OK, so maybe religion is still relevant ... but what about the Church?
Well, let's look at that from two perspectives. First, the Church, as the formal body of the religion. I am most familiar with the Christian Church. Not specifically with any specific denomination (although I have been members of several, and attended many more), but the Church (capital "C") as the body of Christ here on Earth.
Just what is the purpose of the Church?
We are given several examples of what the early Christians did. They worshiped God. They prayed They had instruction in living a holy life. They fellowshipped together. Fellowship? What is that? To put it simply, they were a community. They ate together, helped each other, supported each other in difficult times, and did fun stuff together ... kind of like parties, I guess.
Of all these things, we are commanded by Jesus to love each other, and again by Paul not to quit getting together. So, that "fellowship" thing must be pretty important.
Of course, look at the times they lived in ... in many places, becoming a Christian meant you lost your job. In others it meant you were executed. One of the Roman Emperors would have parties, and for light in the evenings, he would dip Christians in tar, hang them on poles and light them on fire. Others were thrown to the lions in the arena. The lucky ones got to live as slaves on the ships. So, it meant a lot to have a community to share your sorrows, and your hopes ... people to help you when you lost your job, or your family.
How about today? There are few in the U.S. who have lost their jobs because they converted to Christianity. Fewer who have been executed because of it. What does the Church offer us today?
Well, for one thing, it offers us the chance to share our abundance with our suffering brothers around the world who are losing their jobs and their loved ones because they have converted to Christianity. (You may not think of that as a big opportunity, but having been on the giving end and the receiving end of the stick, I can tell you, it really is much more blessed to give than to receive.)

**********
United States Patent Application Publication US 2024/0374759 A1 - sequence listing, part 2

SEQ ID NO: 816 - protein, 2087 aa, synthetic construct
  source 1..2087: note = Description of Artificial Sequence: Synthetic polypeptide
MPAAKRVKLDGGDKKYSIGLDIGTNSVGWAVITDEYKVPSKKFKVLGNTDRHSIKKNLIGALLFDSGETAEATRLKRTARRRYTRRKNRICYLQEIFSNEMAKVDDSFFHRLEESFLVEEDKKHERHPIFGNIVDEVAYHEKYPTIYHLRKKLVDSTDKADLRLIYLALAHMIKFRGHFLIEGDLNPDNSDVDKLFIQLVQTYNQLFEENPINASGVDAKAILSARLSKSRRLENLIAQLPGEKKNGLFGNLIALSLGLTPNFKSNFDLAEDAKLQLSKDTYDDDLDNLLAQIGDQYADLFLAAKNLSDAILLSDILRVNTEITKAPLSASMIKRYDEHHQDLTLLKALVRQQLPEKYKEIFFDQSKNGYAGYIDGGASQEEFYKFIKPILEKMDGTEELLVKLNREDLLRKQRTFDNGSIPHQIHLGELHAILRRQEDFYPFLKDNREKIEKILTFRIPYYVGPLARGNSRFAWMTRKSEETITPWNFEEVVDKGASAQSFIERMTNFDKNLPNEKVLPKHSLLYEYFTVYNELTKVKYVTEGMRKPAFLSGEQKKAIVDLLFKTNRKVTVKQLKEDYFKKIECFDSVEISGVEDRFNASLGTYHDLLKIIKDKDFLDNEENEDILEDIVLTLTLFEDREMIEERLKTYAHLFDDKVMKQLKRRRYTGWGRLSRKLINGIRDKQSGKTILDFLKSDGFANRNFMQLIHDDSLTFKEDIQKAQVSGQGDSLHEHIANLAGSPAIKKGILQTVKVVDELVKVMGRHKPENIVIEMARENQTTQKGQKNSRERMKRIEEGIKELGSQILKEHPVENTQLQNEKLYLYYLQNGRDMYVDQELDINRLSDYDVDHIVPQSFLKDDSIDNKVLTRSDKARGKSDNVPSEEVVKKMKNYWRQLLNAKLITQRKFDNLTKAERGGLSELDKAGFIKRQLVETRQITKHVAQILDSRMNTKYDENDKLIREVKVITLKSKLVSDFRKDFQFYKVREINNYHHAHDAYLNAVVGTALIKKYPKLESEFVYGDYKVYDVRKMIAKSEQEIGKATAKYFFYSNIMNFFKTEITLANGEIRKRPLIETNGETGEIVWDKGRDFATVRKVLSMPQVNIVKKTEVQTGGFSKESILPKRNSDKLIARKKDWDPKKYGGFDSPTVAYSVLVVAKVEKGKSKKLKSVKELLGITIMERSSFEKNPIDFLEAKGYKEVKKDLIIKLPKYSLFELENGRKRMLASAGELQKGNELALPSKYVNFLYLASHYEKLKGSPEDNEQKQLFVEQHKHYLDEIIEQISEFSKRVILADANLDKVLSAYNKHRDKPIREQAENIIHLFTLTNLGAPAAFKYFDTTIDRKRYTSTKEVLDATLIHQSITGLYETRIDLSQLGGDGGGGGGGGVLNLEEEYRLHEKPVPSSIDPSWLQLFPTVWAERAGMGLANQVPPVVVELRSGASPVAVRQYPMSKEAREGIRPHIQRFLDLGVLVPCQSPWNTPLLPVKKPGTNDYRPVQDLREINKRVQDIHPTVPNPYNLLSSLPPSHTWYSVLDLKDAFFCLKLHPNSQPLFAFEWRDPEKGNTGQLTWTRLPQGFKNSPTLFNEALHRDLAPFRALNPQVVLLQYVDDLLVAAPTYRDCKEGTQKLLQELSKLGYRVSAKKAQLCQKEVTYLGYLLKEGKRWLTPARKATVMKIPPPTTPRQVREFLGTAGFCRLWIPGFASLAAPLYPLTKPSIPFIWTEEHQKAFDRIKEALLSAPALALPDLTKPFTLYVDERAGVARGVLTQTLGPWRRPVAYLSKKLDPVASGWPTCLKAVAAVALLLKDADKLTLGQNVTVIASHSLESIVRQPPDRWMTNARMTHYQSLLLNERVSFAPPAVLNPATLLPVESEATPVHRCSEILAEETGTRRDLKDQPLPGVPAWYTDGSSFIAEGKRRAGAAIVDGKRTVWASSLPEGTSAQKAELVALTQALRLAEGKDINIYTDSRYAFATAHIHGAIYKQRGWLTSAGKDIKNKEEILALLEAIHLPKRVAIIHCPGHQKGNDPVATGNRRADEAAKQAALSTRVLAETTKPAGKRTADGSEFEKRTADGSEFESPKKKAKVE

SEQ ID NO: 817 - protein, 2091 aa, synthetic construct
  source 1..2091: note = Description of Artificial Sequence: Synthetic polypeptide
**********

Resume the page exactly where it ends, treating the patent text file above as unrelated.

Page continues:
Another thing it offers is the chance to worship God and to learn about Him. (You might be thinking that you can do that as well, or even better at home by yourself.)
But one of the best opportunities it offers is the opportunity to make true Christian friends. (Oh joy, I hear you say, sarcastically, just what I need, some "Christian" friends ... boring hypocrits.) I won't argue that I have met some folk in church who I wouldn't trust to water my plants, but I will say that all of my very closest friends have been fellow Christians - people that I would trust with my life and the life of my family. I have met Christians, through other Christians, who on our first meeting were willing to open their house to me in a time of need.
I do not claim to be a prophet, but I can tell you this, there will come a time in the not too distant future when it will once again become very unpopular to be a Christian in the U.S. I don't know that people will be jailed for it, but I do believe that it will mean losing your job and becoming a social outcast. When that happens, all those folks who go to church on Sundays because it is the "thing to do", or because it is a good place to meet business contacts, will stop coming. Only those people who put God ahead of all else in their lives will be in church. That is when it will be a great time to be in church. That is when you will once again be able to trust those people with your life and the lives of those you love with no reservations.